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Baroness Falkner of Margravine: My Lords, in broad terms, we are content with several facets of this Bill, but we feel that several other aspects need clarification. When I say "the Bill" I refer to the conventional interpretation of the Bill.
Most of my comments will deal with the Commonwealth Secretariat. As the bulk of my comments will be concerned with provisions relating to the Commonwealth Secretariat, I place on record that I was a member of the paid, full-time staff of the secretariat from 1999 to 2003. During my employment there, I was vice-chairman of the Commonwealth Secretariat Staff Association, CSSA, from 2000 to 2003. The CSSA elects its officers democratically, on the basis of one member one vote, at elections every year. My role on the CSSA was a voluntary and unpaid position undertaken concurrently with my other duties.
We recognise that working with others is better than working alone, that building alliances and entering into agreements based on respect and mutual consent is always better than going it alone and that international co-operation is the best method that we have for achieving peace and prosperity for future generations. Hence our commitment to the good governance and efficient functioning of international organisations.
The Commonwealth Secretariat is somewhat different to other international organisations, as it is unique in the closeness of its association with the United Kingdom. It was established in London, it is headed by our sovereign and is so closely bound up with our past that almost all of its countries, with the exception of Mozambique, have a tradition of government and jurisprudence related to our own and, above all, share a language and history which has been touched by our own. Therefore, we have a special duty to ensure that, whatever changes we make to the governance arrangements of the secretariat, they respect the highest traditions of good governance and employment standards that we believe in for ourselves in the UK.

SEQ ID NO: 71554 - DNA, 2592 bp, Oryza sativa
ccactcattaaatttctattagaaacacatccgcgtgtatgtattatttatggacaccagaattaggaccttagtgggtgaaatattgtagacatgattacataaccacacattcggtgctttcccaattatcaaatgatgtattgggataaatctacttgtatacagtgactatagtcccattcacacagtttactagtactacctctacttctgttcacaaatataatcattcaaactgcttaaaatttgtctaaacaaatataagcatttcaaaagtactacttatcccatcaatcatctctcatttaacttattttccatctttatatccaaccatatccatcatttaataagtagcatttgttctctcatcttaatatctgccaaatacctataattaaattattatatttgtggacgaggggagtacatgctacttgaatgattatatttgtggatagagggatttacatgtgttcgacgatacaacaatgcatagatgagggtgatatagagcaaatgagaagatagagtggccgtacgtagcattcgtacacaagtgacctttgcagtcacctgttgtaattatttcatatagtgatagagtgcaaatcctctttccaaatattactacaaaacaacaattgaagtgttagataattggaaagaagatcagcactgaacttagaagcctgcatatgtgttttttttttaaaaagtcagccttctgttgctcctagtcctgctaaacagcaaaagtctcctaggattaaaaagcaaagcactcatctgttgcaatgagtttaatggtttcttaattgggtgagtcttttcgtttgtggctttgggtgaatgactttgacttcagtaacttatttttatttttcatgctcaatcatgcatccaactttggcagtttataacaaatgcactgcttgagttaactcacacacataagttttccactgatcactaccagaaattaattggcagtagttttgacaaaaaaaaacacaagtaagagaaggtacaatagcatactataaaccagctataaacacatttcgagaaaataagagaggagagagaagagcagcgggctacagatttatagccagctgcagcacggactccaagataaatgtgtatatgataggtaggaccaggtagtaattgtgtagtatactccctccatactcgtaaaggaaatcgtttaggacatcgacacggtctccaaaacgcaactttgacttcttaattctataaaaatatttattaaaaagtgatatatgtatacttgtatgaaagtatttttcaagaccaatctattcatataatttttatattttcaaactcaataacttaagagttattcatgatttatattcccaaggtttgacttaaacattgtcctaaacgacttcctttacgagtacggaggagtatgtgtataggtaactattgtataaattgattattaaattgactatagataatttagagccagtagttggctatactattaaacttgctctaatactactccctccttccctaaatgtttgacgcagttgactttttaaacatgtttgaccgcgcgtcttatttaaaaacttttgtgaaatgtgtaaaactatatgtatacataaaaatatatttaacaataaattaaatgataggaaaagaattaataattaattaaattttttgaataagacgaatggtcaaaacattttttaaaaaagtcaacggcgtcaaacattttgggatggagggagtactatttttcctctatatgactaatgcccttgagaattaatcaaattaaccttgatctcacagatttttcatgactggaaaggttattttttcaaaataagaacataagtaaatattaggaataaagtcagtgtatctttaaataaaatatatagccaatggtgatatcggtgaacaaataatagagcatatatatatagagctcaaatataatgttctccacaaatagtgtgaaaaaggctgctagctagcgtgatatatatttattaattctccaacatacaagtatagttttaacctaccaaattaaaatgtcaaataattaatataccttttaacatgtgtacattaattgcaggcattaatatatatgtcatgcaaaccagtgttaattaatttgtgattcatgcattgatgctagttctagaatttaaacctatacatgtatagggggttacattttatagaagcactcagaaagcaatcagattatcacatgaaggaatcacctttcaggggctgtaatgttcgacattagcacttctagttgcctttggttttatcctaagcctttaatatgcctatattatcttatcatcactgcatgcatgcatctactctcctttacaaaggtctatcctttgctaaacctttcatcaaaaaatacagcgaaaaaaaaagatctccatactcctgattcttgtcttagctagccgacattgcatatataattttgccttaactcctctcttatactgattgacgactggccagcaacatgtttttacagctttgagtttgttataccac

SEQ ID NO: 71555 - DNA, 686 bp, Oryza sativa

I fear that the provisions of the Bill will dilute those standards rather than enhance them. I refer in particular to subsections (1), (2) and (3) of Clause 1 and to the provisions of Clause 2. The changes proposed in these clauses might serve to dilute the rights of staff with respect to their access to justice.
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In terms of background, I will briefly touch upon the nature of staff arrangements at the secretariat. Its staff, most of whom are based in London, number some 300, of which approximately half are either British nationals, non-British UK residents or dual nationals. They are appointed by the Secretary-General, with the majority on fixed term contracts of three years, which are renewable for a limited period at the discretion of the Secretary-General. Their terms and conditions are set out in rules and regulations which form part of their contract of employment. Should an employment dispute occur between a member of staff and their employerthe Secretary-Generalthe legal recourse for settlement is the Commonwealth Secretariat Arbitral Tribunal (CSAT), the subject of Clause 2. All members of the tribunal are appointed by the Secretary-General, who is also responsible for their remuneration. There is no independent supervisory control to ensure independence. The method for staff to enforce their rights or seek remedy for a breach of obligations is to make a claim to CSAT, where there is no right to an oral hearing under its procedures and thus no right to question witnesses. There is no right of appeal.